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Pandora Papers Leak

  • 05 Oct 2021
  • 7 min read

Why in News

Recently, several prominent Indian names have been included in the Pandora Papers leak.

  • There are over 300 Indian names in the leak, including over 60 prominent ones.
  • Pandora Papers are 11.9 million leaked files from 14 global corporate services firms which set up about 29,000 off-the-shelf companies and private trusts.

Trust

  • About:
    • A trust can be described as a fiduciary arrangement where a third party, referred to as the trustee, holds assets on behalf of individuals or organisations that are to benefit from it.
    • A trust is not a separate legal entity, but its legal nature comes from the ‘trustee’. At times, the ‘settlor’ appoints a ‘protector’, who has the powers to supervise the trustee, and even remove the trustee and appoint a new one.
  • Indian Law:
    • The Indian Trusts Act, 1882, gives legal basis to the concept of trusts. Indian laws recognise the trust as an obligation of the trustee to manage and use the assets settled in the trust for the benefit of ‘beneficiaries’. India also recognises offshore trusts.

Off-the-Shelf Company

  • An 'off-the-shelf' company or ready-made company is a pre-registered limited company, however, it has never been traded. An 'off-the-shelf' company is ready for immediate use and can be purchased after paying a certain cost for it.

Key Points

  • About:
    • The Pandora Papers reveal how trusts are used as a vehicle in conjunction with offshore companies set up for the sole purpose of holding investments and other assets by business families and ultra-rich individuals.
      • The trusts can be set up in known tax havens which offer relative tax advantages.
      • For Example: Samoa, Belize, Panama, and the British Virgin Islands.
    • They reveal how the rich set up complex multi-layered trust structures for estate planning, in jurisdictions which are loosely regulated for tax purposes, but characterised by air-tight secrecy laws.
    • Businesses have created a new normal after countries have been forced to tighten the laws on such offshore entities with rising concerns of money laundering, terrorism funding, and tax evasion.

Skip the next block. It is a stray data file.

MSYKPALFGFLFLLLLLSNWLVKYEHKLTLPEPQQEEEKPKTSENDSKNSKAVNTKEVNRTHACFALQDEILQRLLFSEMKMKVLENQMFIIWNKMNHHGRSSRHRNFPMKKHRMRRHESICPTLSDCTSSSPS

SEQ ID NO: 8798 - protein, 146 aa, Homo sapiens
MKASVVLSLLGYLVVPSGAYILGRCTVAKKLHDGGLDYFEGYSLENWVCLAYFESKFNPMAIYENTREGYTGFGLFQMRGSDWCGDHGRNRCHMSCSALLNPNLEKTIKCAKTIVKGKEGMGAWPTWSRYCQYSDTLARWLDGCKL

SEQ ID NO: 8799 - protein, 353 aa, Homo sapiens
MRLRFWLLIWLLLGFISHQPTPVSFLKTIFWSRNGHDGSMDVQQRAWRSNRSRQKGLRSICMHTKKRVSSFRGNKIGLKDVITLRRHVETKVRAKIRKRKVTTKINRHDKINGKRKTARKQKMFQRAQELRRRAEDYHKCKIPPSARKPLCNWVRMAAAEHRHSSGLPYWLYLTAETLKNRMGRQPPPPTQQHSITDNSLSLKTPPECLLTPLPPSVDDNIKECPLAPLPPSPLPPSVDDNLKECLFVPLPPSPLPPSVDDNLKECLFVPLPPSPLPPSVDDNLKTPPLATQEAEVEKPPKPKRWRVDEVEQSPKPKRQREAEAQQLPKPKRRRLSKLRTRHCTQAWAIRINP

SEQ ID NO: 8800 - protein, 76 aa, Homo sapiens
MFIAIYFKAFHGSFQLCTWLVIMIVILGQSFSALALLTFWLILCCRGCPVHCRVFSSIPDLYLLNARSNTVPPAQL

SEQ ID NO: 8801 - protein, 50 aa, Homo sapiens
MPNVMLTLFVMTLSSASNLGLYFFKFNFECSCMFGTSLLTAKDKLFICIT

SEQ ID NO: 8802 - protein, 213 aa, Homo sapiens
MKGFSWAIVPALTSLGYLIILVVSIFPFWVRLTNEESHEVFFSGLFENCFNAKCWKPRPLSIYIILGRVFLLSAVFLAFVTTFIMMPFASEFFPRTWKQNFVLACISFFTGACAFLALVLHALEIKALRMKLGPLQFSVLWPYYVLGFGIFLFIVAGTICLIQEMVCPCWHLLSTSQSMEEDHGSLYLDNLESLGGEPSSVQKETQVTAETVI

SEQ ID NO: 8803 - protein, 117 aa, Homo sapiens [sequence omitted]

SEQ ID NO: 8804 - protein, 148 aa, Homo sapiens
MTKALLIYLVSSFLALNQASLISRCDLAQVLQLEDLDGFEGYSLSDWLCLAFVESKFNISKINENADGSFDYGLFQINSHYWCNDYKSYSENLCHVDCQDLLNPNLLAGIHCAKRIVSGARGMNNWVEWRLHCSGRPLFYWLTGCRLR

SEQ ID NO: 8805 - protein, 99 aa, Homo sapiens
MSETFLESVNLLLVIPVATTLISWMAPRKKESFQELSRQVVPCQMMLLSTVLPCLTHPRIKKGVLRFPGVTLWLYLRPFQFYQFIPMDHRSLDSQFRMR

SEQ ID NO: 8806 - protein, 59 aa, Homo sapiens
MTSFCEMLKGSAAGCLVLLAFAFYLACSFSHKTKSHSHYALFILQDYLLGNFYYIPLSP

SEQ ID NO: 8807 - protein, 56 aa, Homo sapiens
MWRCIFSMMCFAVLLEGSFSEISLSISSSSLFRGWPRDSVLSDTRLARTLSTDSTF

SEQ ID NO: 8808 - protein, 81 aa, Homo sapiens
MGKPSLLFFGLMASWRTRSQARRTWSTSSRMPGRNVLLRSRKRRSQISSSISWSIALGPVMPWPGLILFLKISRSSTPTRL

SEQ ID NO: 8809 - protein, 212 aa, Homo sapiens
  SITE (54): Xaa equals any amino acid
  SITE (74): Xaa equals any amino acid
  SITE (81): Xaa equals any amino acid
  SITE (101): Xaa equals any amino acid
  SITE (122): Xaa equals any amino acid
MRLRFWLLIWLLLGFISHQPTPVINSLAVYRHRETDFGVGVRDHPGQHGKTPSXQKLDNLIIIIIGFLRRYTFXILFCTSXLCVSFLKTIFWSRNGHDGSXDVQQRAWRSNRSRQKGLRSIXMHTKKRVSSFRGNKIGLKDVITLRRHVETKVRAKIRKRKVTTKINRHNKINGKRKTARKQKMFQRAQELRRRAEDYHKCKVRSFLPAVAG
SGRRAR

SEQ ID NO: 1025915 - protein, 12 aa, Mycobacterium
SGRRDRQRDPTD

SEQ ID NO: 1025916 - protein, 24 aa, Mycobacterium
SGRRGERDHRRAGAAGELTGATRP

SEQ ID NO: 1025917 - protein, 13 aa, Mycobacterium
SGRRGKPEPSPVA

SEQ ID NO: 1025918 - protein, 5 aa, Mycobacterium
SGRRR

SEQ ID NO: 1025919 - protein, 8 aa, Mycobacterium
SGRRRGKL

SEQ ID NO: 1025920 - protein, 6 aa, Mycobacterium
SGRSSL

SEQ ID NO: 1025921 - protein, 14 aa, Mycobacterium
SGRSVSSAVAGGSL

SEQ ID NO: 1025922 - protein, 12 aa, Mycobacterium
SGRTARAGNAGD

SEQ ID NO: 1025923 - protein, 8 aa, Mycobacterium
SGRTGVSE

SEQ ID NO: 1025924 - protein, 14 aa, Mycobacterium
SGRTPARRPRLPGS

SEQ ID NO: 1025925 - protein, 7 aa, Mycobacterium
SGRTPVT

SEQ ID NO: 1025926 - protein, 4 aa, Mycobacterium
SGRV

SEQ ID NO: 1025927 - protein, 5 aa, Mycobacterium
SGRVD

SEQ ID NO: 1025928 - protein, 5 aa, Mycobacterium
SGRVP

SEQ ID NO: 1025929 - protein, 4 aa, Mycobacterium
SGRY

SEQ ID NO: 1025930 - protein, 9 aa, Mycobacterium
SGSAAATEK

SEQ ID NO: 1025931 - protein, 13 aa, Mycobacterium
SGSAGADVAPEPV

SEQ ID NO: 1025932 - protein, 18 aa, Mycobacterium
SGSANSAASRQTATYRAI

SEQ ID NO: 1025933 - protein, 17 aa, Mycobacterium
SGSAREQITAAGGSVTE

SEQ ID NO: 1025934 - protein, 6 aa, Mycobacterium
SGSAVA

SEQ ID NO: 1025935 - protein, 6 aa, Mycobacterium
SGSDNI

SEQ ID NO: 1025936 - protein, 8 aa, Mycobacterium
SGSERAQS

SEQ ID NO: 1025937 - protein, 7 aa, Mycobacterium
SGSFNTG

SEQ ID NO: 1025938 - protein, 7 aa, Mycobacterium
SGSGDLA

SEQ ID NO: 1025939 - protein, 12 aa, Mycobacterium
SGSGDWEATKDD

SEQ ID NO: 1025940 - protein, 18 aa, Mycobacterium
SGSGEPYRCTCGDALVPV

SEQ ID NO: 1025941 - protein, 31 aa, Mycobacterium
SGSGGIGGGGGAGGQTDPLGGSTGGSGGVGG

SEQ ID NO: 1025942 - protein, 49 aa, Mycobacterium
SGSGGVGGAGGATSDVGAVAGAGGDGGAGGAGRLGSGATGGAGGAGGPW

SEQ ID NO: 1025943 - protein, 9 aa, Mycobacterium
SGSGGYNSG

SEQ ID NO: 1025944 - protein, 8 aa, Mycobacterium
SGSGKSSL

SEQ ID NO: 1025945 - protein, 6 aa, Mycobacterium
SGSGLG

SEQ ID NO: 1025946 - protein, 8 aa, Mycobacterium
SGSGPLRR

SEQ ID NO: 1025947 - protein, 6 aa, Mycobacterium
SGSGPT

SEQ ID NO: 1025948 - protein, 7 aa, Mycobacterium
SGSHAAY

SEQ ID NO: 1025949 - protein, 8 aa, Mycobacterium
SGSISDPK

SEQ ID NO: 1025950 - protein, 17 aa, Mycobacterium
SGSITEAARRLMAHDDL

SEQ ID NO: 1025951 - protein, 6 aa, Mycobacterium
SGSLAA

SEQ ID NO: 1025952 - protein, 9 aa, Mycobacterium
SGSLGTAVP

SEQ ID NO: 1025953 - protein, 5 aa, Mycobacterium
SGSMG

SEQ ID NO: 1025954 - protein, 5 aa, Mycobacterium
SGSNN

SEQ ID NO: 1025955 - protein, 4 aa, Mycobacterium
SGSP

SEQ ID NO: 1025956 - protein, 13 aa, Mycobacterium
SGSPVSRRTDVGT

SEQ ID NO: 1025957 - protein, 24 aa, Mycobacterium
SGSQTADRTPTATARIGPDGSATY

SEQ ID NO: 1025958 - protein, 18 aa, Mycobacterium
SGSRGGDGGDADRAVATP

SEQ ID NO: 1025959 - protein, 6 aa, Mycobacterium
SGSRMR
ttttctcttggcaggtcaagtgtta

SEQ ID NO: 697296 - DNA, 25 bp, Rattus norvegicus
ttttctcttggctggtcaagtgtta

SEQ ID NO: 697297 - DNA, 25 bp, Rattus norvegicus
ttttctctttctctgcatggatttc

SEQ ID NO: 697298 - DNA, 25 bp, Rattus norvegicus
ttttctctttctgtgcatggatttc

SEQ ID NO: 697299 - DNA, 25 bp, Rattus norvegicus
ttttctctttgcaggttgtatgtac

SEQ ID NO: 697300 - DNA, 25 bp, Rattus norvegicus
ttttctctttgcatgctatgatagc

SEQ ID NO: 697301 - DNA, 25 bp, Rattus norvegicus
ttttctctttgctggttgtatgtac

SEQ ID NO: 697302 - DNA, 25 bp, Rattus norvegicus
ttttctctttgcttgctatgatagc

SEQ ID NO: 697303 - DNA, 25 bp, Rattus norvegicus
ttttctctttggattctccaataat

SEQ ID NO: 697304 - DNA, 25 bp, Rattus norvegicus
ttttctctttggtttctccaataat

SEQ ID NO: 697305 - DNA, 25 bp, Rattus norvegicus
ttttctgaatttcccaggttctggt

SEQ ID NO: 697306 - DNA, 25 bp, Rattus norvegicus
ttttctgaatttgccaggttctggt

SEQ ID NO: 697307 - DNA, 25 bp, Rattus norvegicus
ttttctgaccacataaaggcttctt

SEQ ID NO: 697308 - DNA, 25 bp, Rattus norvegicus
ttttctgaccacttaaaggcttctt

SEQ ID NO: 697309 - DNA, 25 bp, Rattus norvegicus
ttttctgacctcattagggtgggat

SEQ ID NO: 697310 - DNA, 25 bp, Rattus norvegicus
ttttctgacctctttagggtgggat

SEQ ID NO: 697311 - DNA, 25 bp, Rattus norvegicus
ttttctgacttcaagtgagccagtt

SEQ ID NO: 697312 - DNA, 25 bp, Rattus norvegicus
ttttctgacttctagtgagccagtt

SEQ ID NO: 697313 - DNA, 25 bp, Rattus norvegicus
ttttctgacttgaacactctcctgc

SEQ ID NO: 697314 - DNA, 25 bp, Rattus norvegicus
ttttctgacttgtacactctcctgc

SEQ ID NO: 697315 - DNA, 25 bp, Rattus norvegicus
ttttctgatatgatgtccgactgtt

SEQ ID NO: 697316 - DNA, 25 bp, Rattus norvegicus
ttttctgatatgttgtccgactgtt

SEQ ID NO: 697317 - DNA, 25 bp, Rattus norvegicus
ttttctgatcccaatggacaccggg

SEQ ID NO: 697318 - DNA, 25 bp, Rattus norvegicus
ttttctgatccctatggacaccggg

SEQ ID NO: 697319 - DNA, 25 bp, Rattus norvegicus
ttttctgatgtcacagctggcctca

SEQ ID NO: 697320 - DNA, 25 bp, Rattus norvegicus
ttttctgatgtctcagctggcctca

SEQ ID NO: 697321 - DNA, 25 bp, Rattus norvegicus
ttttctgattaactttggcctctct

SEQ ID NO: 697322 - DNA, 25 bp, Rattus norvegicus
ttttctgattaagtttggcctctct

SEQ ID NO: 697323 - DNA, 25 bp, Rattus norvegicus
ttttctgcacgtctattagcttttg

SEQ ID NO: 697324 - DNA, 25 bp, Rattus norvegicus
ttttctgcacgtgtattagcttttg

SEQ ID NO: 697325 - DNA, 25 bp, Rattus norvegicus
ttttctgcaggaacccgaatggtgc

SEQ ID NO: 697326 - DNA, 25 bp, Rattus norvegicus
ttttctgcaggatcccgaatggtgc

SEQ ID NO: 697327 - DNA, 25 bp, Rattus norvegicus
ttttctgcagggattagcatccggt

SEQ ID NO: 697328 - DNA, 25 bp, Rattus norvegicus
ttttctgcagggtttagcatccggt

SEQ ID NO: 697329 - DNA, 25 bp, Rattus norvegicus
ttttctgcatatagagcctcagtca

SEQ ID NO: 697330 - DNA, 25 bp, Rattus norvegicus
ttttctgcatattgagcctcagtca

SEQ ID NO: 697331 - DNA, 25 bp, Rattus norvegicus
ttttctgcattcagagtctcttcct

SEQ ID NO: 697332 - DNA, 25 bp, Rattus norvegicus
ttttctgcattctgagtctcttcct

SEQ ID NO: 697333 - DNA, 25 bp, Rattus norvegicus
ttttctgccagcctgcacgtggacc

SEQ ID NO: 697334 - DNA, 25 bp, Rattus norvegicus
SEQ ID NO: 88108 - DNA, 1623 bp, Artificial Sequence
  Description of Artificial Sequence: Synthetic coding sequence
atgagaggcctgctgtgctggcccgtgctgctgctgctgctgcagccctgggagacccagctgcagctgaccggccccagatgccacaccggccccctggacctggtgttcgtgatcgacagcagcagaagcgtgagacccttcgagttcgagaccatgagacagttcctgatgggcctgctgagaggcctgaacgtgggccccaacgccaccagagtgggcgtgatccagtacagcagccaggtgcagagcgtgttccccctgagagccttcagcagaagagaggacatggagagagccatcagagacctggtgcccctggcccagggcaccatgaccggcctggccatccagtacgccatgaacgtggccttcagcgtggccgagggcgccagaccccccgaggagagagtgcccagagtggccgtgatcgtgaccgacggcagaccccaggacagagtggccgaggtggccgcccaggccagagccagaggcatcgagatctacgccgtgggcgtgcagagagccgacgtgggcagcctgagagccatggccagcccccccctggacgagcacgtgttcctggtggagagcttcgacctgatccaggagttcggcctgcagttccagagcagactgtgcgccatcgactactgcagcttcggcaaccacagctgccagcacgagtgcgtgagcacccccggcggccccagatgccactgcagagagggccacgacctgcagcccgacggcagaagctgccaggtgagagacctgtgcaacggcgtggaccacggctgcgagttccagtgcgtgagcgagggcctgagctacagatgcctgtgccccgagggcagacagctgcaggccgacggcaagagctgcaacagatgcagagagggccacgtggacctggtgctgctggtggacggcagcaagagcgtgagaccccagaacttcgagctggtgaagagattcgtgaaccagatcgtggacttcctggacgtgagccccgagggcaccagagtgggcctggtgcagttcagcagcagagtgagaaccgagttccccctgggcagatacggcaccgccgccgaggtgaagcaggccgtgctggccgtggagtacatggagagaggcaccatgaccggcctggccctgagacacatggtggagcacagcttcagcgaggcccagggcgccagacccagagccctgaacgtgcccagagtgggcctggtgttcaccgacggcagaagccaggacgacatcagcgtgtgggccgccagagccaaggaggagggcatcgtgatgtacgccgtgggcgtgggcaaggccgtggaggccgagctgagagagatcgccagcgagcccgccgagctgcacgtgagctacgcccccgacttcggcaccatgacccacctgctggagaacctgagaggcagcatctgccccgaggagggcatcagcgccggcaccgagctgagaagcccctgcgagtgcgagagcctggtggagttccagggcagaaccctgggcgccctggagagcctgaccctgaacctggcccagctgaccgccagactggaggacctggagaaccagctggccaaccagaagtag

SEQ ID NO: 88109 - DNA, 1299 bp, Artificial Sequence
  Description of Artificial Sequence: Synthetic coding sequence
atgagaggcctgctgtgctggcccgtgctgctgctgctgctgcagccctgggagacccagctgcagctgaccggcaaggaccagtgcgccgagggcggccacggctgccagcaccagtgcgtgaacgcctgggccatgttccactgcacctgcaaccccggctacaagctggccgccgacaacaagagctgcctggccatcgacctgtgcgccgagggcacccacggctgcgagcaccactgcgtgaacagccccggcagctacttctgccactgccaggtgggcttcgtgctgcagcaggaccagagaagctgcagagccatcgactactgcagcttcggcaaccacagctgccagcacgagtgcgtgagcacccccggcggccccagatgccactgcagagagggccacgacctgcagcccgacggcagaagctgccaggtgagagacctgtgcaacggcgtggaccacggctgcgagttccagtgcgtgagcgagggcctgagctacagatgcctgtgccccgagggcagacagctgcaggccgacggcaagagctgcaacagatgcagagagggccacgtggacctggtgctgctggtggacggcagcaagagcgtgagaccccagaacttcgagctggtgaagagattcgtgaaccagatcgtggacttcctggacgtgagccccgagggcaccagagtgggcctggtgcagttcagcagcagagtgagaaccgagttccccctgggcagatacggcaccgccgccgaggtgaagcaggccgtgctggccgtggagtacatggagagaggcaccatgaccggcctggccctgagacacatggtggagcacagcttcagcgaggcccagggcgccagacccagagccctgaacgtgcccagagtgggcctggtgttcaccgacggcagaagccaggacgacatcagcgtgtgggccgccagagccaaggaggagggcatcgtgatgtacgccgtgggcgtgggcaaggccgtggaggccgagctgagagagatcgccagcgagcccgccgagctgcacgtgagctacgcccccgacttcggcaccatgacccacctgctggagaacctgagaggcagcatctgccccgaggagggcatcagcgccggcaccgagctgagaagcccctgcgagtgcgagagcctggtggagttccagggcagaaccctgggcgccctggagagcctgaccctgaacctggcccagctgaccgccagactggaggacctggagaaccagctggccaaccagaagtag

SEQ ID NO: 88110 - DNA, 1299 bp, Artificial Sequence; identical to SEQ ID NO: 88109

• The Panama and Paradise Papers dealt largely with offshore entities set up by individuals and corporations respectively.
  • Reasons for Setting up Trusts Overseas:
    • Secrecy:
      • Overseas trusts offer remarkable secrecy because of stringent privacy laws in the jurisdiction they operate in.
    • Maintain a Degree of Separation:
      • Businesspersons set up private offshore trusts to project a degree of separation from their personal assets.
    • Avoid Tax in the Guise of Planning:
      • Businesspersons avoid their Non-resident Indians (NRI) children being taxed on income from their assets by transferring all the assets to a trust.
    • Prepare for Estate Duty Eventuality:
      • There is a pervasive fear that estate duty, which was abolished back in 1985 will likely be re-introduced soon.
      • Setting up trusts in advance will protect the next generation from paying the death/inheritance tax, which was as high as 85% in the more than three decades after its enactment (The Estate Duty Act, 1953).
    • Flexibility in a Capital-Controlled Economy:
      • India is a capital-controlled economy. Individuals can invest only USD 2,50,000 a year under the Reserve Bank of India’s Liberalised Remittance Scheme (LRS).
      • To get over this, businesspersons have turned to NRI , and under Foreign Exchange Management Act, 1999, NRIs can remit USD 1 million a year in addition to their current annual income, outside India.
        • Further, the tax rates in overseas jurisdictions are much lower than the 30% personal Income-Tax rate in India
  • Grey Areas of Indian Taxation:
    • There are certain grey areas of taxation where the Income-Tax Department is in contest with offshore trusts.
    • After the Black Money (Undisclosed Foreign Income and Assets) and Imposition of Tax Act, 2015, came into existence, resident Indians have to report their foreign financial interests and assets.
      • NRIs are not required to do so.
    • The I-T Department may consider an offshore trust to be a resident of India for taxation purposes if the trustee is an Indian resident.
    • In cases where the trustee is an offshore entity or an NRI, if the tax department establishes the trustee is taking instructions from a resident Indian, then too the trust may be considered a resident of India for taxation purposes.
  • Government’s Initiatives:

Source: IE

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